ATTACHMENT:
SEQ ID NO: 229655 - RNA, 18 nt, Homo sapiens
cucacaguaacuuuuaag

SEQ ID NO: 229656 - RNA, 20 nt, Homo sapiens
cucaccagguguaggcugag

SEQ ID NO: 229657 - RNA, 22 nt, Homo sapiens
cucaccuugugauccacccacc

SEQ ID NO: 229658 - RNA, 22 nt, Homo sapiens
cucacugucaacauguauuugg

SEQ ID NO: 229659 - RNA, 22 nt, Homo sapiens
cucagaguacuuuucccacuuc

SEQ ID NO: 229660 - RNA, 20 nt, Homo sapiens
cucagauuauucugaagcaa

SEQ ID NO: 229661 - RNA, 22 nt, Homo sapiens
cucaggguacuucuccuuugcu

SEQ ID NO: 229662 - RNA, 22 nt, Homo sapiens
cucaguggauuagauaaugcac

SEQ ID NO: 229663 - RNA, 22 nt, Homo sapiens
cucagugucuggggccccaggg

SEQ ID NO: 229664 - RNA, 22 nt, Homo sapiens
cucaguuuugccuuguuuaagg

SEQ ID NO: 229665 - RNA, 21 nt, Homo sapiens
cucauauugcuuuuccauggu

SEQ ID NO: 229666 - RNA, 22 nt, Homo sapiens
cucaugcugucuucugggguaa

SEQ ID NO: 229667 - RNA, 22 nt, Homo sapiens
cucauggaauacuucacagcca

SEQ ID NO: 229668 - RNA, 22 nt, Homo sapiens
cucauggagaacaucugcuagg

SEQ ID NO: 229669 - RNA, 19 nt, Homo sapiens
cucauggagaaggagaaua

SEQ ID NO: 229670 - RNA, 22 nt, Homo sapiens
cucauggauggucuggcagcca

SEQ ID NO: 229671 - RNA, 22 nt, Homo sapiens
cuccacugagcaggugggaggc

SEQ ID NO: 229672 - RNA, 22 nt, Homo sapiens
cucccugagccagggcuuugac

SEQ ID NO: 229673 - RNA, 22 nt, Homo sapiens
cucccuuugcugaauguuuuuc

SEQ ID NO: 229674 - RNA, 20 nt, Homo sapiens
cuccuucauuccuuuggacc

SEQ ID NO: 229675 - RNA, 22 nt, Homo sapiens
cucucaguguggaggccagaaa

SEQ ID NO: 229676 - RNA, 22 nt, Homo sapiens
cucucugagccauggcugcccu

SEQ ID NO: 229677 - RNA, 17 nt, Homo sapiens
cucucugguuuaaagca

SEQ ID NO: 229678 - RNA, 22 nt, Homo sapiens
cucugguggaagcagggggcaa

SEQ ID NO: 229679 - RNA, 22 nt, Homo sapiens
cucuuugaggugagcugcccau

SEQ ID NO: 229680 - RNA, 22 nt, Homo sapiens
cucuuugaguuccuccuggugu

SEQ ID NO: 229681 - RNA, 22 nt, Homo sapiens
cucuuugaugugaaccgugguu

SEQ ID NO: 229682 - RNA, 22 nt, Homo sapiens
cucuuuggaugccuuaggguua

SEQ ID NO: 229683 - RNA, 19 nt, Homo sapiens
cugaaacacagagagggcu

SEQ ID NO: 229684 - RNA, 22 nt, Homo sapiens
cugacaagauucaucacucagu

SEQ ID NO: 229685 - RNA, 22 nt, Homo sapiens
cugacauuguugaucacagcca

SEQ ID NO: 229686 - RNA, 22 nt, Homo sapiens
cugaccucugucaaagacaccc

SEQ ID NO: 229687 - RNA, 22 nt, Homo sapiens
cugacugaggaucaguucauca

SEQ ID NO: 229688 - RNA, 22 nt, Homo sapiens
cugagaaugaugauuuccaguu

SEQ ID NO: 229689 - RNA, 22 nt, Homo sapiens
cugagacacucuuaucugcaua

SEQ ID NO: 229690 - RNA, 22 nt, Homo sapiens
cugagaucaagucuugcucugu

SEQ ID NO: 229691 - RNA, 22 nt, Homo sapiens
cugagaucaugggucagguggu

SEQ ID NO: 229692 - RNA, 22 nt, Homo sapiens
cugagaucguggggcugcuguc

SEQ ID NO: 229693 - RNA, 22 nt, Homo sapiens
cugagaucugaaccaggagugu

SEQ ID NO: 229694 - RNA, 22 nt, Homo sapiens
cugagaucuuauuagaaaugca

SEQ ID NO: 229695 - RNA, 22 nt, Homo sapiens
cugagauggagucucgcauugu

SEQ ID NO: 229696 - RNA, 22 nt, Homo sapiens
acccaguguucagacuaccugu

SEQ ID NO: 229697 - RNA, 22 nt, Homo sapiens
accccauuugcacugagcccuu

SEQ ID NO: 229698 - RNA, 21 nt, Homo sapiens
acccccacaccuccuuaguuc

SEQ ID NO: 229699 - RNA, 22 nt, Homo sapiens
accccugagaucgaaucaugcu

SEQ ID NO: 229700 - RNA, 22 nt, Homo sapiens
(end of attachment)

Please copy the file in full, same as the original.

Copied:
SEQ ID NO: 229655 - RNA, 18 nt, Homo sapiens
cucacaguaacuuuuaag

SEQ ID NO: 229656 - RNA, 20 nt, Homo sapiens
cucaccagguguaggcugag

SEQ ID NO: 229657 - RNA, 22 nt, Homo sapiens
cucaccuugugauccacccacc

SEQ ID NO: 229658 - RNA, 22 nt, Homo sapiens
cucacugucaacauguauuugg

SEQ ID NO: 229659 - RNA, 22 nt, Homo sapiens
cucagaguacuuuucccacuuc

SEQ ID NO: 229660 - RNA, 20 nt, Homo sapiens
cucagauuauucugaagcaa

SEQ ID NO: 229661 - RNA, 22 nt, Homo sapiens
cucaggguacuucuccuuugcu

SEQ ID NO: 229662 - RNA, 22 nt, Homo sapiens
cucaguggauuagauaaugcac

SEQ ID NO: 229663 - RNA, 22 nt, Homo sapiens
cucagugucuggggccccaggg

SEQ ID NO: 229664 - RNA, 22 nt, Homo sapiens
cucaguuuugccuuguuuaagg

SEQ ID NO: 229665 - RNA, 21 nt, Homo sapiens
cucauauugcuuuuccauggu

SEQ ID NO: 229666 - RNA, 22 nt, Homo sapiens
cucaugcugucuucugggguaa

SEQ ID NO: 229667 - RNA, 22 nt, Homo sapiens
cucauggaauacuucacagcca

SEQ ID NO: 229668 - RNA, 22 nt, Homo sapiens
cucauggagaacaucugcuagg

SEQ ID NO: 229669 - RNA, 19 nt, Homo sapiens
cucauggagaaggagaaua

SEQ ID NO: 229670 - RNA, 22 nt, Homo sapiens
cucauggauggucuggcagcca

SEQ ID NO: 229671 - RNA, 22 nt, Homo sapiens
cuccacugagcaggugggaggc

SEQ ID NO: 229672 - RNA, 22 nt, Homo sapiens
cucccugagccagggcuuugac

SEQ ID NO: 229673 - RNA, 22 nt, Homo sapiens
cucccuuugcugaauguuuuuc

SEQ ID NO: 229674 - RNA, 20 nt, Homo sapiens
cuccuucauuccuuuggacc

SEQ ID NO: 229675 - RNA, 22 nt, Homo sapiens
cucucaguguggaggccagaaa

SEQ ID NO: 229676 - RNA, 22 nt, Homo sapiens
cucucugagccauggcugcccu

SEQ ID NO: 229677 - RNA, 17 nt, Homo sapiens
cucucugguuuaaagca

SEQ ID NO: 229678 - RNA, 22 nt, Homo sapiens
cucugguggaagcagggggcaa

SEQ ID NO: 229679 - RNA, 22 nt, Homo sapiens
cucuuugaggugagcugcccau

SEQ ID NO: 229680 - RNA, 22 nt, Homo sapiens
cucuuugaguuccuccuggugu

SEQ ID NO: 229681 - RNA, 22 nt, Homo sapiens
cucuuugaugugaaccgugguu

SEQ ID NO: 229682 - RNA, 22 nt, Homo sapiens
cucuuuggaugccuuaggguua

SEQ ID NO: 229683 - RNA, 19 nt, Homo sapiens
cugaaacacagagagggcu

SEQ ID NO: 229684 - RNA, 22 nt, Homo sapiens
cugacaagauucaucacucagu

SEQ ID NO: 229685 - RNA, 22 nt, Homo sapiens
cugacauuguugaucacagcca

SEQ ID NO: 229686 - RNA, 22 nt, Homo sapiens
cugaccucugucaaagacaccc

SEQ ID NO: 229687 - RNA, 22 nt, Homo sapiens
cugacugaggaucaguucauca

SEQ ID NO: 229688 - RNA, 22 nt, Homo sapiens
cugagaaugaugauuuccaguu

SEQ ID NO: 229689 - RNA, 22 nt, Homo sapiens
cugagacacucuuaucugcaua

SEQ ID NO: 229690 - RNA, 22 nt, Homo sapiens
cugagaucaagucuugcucugu

SEQ ID NO: 229691 - RNA, 22 nt, Homo sapiens
cugagaucaugggucagguggu

SEQ ID NO: 229692 - RNA, 22 nt, Homo sapiens
cugagaucguggggcugcuguc

SEQ ID NO: 229693 - RNA, 22 nt, Homo sapiens
cugagaucugaaccaggagugu

SEQ ID NO: 229694 - RNA, 22 nt, Homo sapiens
cugagaucuuauuagaaaugca

SEQ ID NO: 229695 - RNA, 22 nt, Homo sapiens
cugagauggagucucgcauugu

SEQ ID NO: 229696 - RNA, 22 nt, Homo sapiens
acccaguguucagacuaccugu

SEQ ID NO: 229697 - RNA, 22 nt, Homo sapiens
accccauuugcacugagcccuu

SEQ ID NO: 229698 - RNA, 21 nt, Homo sapiens
acccccacaccuccuuaguuc

SEQ ID NO: 229699 - RNA, 22 nt, Homo sapiens
accccugagaucgaaucaugcu

SEQ ID NO: 229700 - RNA, 22 nt, Homo sapiens